CONCLUSIONS: High-grade dysplasia is an indication for esophageal resection. Early detection of the neoplastic transformation of Barrett's metaplasia prior to the onset of obstructive symptoms gives the best chance of cure. Esophagectomy with radical lymph node clearance is capable of curing a large proportion of the patients having no or a limited number of metastatic lymph nodes.

Limited resection for early adenocarcinoma in Barrett's esophagus.

Stein HJ, Feith M, Mueller J, Werner M, Siewert JR.

Chirurgische Klinik und Poliklinik, and the Institut fur Pathologie und Pathologische Anatomie, Klinikum rechts der Isar, Technische Universitat Munchen, Munich, Germany.

Ann Surg 2000 Dec;232(6):733-42 Abstract quote

OBJECTIVE: To assess the extent of disease in patients with pT1 esophageal adenocarcinoma and to evaluate the feasibility and outcomes of a limited surgical approach.

SUMMARY BACKGROUND DATA: Radical esophagectomy with systematic lymphadenectomy is widely advocated as the treatment of choice in patients with early adenocarcinoma of the distal esophagus. This approach, however, is associated with substantial complications and long-term side effects. The extent of resection necessary to achieve cure in such patients is not clear.

METHODS: Seventy-one patients with pT1 adenocarcinoma of the distal esophagus underwent transmediastinal or transthoracic esophagectomy with two-field lymphadenectomy. Twenty-four patients with uT1N0 tumors underwent a limited resection of the distal esophagus and esophagogastric junction, regional lymphadenectomy, and reconstruction by interposition of an isoperistaltic pedicled jejunal segment. The two groups were compared for extent and multicentricity of the primary tumor and associated high-grade dysplasia, pattern of lymph node metastases, complications, deaths, and outcome of surgical treatment.

RESULTS: Multicentric tumor growth or associated high-grade dysplasia was observed in 60.6% of the resection specimens. Complete resection of the tumor and the entire segment with intestinal metaplasia was achieved in all patients, irrespective of the surgical approach. Patients undergoing limited resection had fewer complications. Lymph node metastases or micrometastases were present in none of the 38 patients with tumors limited to the mucosa (pT1a) versus 10 of the 56 (17.9%) patients with tumors invading the submucosa (pT1b). Distant lymph node metastases occurred only in patients with more than three positive regional lymph nodes. Lymph node metastases were prognostic, but the pT1a/pT1b category and the surgical approach were not. The mean Gastrointestinal Quality of Life Index after limited resection did not differ from that of healthy controls: 20 of the 24 patients were completely asymptomatic.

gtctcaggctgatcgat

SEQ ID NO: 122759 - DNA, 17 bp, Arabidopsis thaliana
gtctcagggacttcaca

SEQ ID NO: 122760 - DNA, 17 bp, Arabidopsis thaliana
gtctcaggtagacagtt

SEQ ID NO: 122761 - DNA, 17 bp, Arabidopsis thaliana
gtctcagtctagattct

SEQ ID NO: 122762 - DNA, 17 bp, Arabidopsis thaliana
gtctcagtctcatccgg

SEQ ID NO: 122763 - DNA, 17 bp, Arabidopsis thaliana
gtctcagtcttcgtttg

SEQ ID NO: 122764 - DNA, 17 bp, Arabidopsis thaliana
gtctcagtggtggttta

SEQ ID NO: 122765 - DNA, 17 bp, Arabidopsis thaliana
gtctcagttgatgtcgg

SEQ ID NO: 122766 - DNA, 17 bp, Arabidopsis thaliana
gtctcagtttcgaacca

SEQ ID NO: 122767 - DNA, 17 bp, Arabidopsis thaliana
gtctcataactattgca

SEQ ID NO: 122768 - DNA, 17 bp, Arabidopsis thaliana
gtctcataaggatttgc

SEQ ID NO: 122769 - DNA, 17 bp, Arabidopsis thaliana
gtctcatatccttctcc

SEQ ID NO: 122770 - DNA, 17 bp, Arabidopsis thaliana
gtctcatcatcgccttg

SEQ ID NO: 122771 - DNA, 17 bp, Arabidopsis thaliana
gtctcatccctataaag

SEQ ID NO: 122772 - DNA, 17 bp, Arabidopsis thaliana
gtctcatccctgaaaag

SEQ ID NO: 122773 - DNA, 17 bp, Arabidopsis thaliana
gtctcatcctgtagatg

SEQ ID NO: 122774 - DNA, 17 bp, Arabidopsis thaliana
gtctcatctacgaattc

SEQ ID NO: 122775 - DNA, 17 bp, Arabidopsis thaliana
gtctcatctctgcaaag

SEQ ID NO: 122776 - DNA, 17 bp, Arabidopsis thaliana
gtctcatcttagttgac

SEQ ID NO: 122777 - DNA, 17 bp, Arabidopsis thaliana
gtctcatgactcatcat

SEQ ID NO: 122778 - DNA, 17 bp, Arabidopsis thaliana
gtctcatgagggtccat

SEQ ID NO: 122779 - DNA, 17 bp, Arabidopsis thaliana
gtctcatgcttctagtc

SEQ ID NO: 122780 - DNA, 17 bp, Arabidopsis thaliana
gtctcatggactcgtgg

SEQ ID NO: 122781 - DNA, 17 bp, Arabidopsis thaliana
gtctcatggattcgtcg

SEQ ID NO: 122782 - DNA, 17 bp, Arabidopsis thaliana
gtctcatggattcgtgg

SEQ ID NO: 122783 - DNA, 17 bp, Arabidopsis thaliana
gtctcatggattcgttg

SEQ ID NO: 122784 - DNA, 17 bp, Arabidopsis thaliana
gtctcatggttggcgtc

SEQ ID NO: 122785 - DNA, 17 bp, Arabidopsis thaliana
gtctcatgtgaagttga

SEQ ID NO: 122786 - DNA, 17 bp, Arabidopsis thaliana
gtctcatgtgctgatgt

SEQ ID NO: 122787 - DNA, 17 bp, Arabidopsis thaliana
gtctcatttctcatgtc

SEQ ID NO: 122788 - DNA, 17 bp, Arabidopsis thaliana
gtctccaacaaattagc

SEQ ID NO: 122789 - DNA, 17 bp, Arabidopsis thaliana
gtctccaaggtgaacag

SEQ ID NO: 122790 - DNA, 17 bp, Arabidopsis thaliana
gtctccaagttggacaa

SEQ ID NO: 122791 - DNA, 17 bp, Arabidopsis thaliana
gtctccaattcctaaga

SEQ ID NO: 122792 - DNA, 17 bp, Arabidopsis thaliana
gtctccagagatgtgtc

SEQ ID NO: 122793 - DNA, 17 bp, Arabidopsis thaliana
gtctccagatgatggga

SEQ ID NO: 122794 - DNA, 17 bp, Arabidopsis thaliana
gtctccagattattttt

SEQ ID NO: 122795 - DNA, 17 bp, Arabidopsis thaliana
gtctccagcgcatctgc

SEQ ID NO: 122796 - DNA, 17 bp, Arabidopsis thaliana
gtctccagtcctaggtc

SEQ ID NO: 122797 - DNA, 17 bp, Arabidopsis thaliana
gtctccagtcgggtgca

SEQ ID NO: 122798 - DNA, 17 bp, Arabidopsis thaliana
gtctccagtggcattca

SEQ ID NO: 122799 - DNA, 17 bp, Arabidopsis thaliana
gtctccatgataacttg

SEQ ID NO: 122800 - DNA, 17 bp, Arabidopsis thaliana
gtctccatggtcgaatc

CONCLUSIONS: In patients with early adenocarcinoma in the distal esophagus, resection of the distal esophagus and esophagogastric junction, with regional lymphadenectomy and jejunal interposition, is an attractive limited surgical alternative to radical esophagectomy.

Adenocarcinoma of the esophagogastric junction: results of surgical therapy based on anatomical/topographic classification in 1,002 consecutive patients.

Rudiger Siewert J, Feith M, Werner M, Stein HJ.

Chirurgische Klinik und Poliklinik and Institut fur Pathologie und Pathologische Anatomie, Klinikum rechts der Isar, Technische Universitat Munchen, Munich, Germany.

Ann Surg 2000 Sep;232(3):353-61 Abstract quote

OBJECTIVE: To assess the outcome of surgical therapy based on a topographic/anatomical classification of adenocarcinoma of the esophagogastric junction.

SUMMARY BACKGROUND DATA: Because of its borderline location between the stomach and esophagus, the choice of surgical strategy for patients with adenocarcinoma of the esophagogastric junction is controversial.

METHODS: In a large single-center series of 1,002 consecutive patients with adenocarcinoma of the esophagogastric junction, the choice of surgical approach was based on the location of the tumor center or tumor mass. Treatment of choice was esophagectomy for type I tumors (adenocarcinoma of the distal esophagus) and extended gastrectomy for type II tumors (true carcinoma of the cardia) and type III tumors (subcardial gastric cancer infiltrating the distal esophagus). Demographic data, morphologic and histopathologic tumor characteristics, and long-term survival rates were compared among the three tumor types, focusing on the pattern of lymphatic spread, the outcome of surgery, and prognostic factors in patients with type II tumors.

RESULTS: There were marked differences in sex distribution, associated intestinal metaplasia in the esophagus, tumor grading, tumor growth pattern, and stage distribution between the three tumor types. The postoperative death rate was higher after esophagectomy than extended total gastrectomy. On multivariate analysis, a complete tumor resection (R0 resection) and the lymph node status (pN0) were the dominating independent prognostic factors for the entire patient population and in the three tumor types, irrespective of the surgical approach. In patients with type II tumors, the pattern of lymphatic spread was primarily directed toward the paracardial, lesser curvature, and left gastric artery nodes; esophagectomy offered no survival benefit over extended gastrectomy in these patients.